7 Creative Ways to Get Your Kids Eating Fruits and Veggies and Why It’s Important

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7 Creative Ways to Get Your Kids Eating Fruits and Veggies and Why It’s Important

According to the U.S. Department of Health & Human Services, since the 1970s obesity has doubled in children aged 2 to 5, quadrupled in children ages 6 to 11, and tripled in children ages 12 to 19. It’s now the second leading cause of death in the United States. But children weren’t always obese, so why the change? 

Experts suggest childhood obesity is directly linked to the quantity of food we eat, the type of food we eat, and the increase of sedentary lifestyles. More concerning is, children who are obese have a much higher likelihood of being overweight adults, and this comes with some pretty serious health outcomes like, heart disease and stroke, diabetes, high blood pressure, kidney disease, and even cancer. 

The Center for Disease Control & Prevention suggests following the Dietary Guidelines for Americans to get your family eating healthy. This means eating a variety of fruits and vegetables, whole grains, lean proteins, and low-fat and fat-free dairy products. But if you’re like most parents, you struggle with a way to get your child to love the fruits and veggies part. 

Vitality Farms Company lists seven creative ways to get them interested.

1. Head To A Farmer’s Market. Children can learn a lot about where their food comes from by visiting a farmer’s market. Take an opportunity to stop by and help them do things, like identify fruits and vegetables, talk to local growers about their work, learn about seasonal growing, and discuss what items found there go into meal preparation. Learning a potato makes a french fry, and that sweet potatoes can be more healthy french fries, for example. 

2. Make Them More Tasty. Instead of a celery stick offer peanut butter filled sticks. Serve carrots with hummus or ranch dip. And when preparing veggies don’t be afraid to use butter or bacon grease to enhance the flavor. 

3. Visit Choose My Plate. Children love using technology, like cell phones, pads, and computers. So instead of unleashing them to spend time on the latest video game, instead show them how they can be learning using these devices. Introduce them to a site like Choose My Plate, developed by the United States Department of Agriculture. This wonderful website has games, activity sheets, and songs and videos that emphasize healthy eating.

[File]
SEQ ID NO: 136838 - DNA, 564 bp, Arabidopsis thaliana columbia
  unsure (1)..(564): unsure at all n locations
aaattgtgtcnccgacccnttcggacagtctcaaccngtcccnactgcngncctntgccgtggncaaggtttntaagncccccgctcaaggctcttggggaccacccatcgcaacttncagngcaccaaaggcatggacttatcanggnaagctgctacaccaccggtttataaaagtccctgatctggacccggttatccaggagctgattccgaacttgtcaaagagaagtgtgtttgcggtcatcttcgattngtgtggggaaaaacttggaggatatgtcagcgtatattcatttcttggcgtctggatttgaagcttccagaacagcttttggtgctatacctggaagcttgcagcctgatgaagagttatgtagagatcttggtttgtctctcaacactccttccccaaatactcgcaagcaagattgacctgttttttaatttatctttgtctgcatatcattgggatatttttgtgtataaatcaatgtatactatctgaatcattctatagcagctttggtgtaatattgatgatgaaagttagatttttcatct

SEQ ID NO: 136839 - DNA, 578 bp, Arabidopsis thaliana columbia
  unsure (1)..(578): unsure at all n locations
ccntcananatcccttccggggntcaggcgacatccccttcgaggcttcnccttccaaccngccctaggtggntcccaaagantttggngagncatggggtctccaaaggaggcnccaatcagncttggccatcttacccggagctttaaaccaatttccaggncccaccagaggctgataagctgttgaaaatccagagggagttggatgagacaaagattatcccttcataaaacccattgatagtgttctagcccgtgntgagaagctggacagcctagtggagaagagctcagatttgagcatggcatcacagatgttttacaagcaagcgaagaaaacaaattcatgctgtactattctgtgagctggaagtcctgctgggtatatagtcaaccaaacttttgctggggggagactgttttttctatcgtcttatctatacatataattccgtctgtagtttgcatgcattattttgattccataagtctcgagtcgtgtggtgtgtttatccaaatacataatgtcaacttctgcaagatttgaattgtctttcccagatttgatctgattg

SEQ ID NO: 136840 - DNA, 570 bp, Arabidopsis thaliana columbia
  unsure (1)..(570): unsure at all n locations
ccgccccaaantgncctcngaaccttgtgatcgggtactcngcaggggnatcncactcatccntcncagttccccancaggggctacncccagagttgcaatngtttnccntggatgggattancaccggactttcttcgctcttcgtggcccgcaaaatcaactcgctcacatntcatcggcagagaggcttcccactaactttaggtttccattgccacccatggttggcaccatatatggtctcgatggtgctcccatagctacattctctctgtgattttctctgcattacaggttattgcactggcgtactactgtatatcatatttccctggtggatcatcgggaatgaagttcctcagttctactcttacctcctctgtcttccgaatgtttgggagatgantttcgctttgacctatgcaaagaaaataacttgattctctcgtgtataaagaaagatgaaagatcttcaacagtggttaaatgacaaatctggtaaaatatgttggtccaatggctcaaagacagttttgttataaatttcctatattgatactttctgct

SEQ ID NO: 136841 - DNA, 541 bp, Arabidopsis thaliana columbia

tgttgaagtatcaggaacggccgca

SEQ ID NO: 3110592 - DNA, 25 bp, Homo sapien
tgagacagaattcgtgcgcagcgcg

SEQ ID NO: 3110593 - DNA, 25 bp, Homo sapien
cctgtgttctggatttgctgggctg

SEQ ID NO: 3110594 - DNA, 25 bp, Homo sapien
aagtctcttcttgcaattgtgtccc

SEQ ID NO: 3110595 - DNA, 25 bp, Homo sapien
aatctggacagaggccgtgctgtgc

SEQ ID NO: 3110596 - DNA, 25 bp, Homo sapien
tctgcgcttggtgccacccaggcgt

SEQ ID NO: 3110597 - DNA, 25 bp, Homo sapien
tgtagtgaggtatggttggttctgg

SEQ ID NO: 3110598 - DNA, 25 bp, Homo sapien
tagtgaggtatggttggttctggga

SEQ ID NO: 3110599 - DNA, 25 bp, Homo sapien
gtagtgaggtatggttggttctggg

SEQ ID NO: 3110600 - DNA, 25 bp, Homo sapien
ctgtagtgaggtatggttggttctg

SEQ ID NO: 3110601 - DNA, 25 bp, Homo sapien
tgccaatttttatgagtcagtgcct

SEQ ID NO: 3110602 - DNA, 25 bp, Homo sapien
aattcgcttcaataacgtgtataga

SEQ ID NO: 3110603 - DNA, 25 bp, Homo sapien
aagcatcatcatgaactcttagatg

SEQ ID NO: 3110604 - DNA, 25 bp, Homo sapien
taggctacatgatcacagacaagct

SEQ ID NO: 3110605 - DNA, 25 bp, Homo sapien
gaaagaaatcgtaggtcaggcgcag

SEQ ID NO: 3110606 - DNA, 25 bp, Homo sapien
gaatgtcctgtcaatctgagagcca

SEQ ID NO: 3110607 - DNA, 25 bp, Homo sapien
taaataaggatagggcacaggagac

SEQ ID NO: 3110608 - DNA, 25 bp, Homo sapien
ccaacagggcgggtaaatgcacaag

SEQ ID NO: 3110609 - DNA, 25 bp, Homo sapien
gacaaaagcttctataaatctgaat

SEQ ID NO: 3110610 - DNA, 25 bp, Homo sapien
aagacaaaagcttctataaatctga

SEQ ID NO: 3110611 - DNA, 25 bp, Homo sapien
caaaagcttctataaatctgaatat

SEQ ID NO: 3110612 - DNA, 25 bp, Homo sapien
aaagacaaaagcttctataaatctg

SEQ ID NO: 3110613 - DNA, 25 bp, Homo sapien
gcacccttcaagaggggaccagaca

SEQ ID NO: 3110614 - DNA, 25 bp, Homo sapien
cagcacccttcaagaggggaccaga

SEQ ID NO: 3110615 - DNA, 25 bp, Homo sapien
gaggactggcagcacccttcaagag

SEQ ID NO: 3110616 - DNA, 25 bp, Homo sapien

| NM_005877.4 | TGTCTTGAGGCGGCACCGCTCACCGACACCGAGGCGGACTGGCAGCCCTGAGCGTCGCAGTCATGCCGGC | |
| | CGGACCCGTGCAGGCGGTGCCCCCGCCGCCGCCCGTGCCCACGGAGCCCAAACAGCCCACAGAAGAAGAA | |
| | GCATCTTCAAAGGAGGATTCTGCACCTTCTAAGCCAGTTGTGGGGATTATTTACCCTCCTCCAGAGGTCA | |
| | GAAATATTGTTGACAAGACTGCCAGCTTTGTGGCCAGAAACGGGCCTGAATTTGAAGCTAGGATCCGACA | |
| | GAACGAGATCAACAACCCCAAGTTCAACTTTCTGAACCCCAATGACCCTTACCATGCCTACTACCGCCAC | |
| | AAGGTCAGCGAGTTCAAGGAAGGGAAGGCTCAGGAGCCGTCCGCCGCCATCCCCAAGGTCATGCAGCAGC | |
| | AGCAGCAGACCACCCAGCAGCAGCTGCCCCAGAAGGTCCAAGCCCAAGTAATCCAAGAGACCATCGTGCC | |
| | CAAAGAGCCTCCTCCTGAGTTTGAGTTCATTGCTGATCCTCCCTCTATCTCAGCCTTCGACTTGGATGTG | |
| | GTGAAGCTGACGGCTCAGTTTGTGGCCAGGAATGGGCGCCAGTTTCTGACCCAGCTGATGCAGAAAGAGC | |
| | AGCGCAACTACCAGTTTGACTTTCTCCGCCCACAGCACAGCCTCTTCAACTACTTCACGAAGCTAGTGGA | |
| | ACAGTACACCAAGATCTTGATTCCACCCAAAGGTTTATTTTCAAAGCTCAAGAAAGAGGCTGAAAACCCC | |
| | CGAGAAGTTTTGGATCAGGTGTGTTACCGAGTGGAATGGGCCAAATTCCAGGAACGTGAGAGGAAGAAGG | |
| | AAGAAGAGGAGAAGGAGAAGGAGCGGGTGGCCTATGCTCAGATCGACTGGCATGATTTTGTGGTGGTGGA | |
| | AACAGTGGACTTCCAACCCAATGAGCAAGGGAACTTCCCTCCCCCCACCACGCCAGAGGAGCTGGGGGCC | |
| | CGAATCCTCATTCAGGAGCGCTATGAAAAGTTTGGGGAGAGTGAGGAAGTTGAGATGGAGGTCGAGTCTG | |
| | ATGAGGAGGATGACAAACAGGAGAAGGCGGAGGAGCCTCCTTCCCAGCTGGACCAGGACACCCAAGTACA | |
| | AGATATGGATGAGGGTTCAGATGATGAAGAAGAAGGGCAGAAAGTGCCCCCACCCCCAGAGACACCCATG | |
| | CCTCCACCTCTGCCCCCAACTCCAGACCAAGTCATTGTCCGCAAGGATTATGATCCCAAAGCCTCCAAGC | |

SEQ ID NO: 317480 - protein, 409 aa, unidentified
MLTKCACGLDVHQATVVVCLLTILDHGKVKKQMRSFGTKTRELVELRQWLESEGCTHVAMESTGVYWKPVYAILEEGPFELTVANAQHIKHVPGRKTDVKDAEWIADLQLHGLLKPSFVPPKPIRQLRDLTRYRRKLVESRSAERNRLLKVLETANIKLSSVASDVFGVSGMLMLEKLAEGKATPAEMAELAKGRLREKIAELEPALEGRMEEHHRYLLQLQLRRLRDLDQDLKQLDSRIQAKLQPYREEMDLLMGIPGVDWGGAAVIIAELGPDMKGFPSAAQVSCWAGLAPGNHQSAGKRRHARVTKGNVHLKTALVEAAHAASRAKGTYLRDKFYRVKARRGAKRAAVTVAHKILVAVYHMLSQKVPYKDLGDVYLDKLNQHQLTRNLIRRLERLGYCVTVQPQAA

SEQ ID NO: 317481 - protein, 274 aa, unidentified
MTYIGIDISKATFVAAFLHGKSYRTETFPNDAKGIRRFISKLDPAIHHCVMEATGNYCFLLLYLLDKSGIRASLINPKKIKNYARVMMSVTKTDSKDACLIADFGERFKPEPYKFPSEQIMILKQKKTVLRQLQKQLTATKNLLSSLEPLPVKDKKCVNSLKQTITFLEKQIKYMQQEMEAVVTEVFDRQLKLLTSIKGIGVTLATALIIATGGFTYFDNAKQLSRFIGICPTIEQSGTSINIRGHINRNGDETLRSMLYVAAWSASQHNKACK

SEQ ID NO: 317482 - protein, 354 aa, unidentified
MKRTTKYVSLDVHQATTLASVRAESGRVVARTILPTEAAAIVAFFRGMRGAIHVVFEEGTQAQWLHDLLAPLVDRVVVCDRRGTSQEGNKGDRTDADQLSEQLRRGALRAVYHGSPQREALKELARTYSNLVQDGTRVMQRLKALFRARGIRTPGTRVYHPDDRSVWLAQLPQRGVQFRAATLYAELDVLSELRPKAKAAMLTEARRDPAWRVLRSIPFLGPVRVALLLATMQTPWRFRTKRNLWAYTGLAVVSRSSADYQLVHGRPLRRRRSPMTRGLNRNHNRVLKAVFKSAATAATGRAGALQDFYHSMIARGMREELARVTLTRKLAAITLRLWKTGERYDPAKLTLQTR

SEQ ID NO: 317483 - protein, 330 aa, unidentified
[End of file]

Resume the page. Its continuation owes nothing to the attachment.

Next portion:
4. Create Colorful Patterns. Similar to color geometric manipulatives used for preschool learning, you can use various fruits and veggies for forming patterns too. By preparing multiple vegetables separately, children can make shapes, like flowers, smiley faces, and it’s even a great way to introduce the alphabet. It’s also a good opportunity to talk about the value of having multiple colors on the plate. 

5. Be A Good Role Model. Children learn by example, so take them to the grocery store and introduce them to the outer perimeter rule. Show them the produce section and all the great food choices there, then go onto the meat and dairy sections; this is where you’ll find your most nutrient dense options. And remember, if you’re hitting the inner aisles for processed foods, like cookies, crackers, and chips they’re going to learn to focus on less healthy options too. 

6.  Make Smoothies. Sometimes food textures can be a turn off for kids, or maybe they just aren’t fond of a certain fruit or vegetable. Instead of serving it the conventional way, find some good smoothie recipes. 

7. Don’t Give Up. Many times parents offer a fruit or vegetable to a child only a few times before they give up and let them off the hook. Chances are you’re letting them off the line too easily. Instead, research suggests if you stick it out eight times, 63% of them will continue eating the once-disliked vegetable. Just remember to be cognizant of your tone and body language when talking with your kids about their food choices, as positive communication and feedback is important.

As you focus on creative ways to get your children eating fruits and veggies, be sure to teach them more than just the consequences of being overweight. Help them understand that nutrients found in fruits and vegetables have many health benefits, like carrots improving eyesight and immune systems and watermelons being packed with antioxidants. And remember, lead the way by choosing wisely yourself.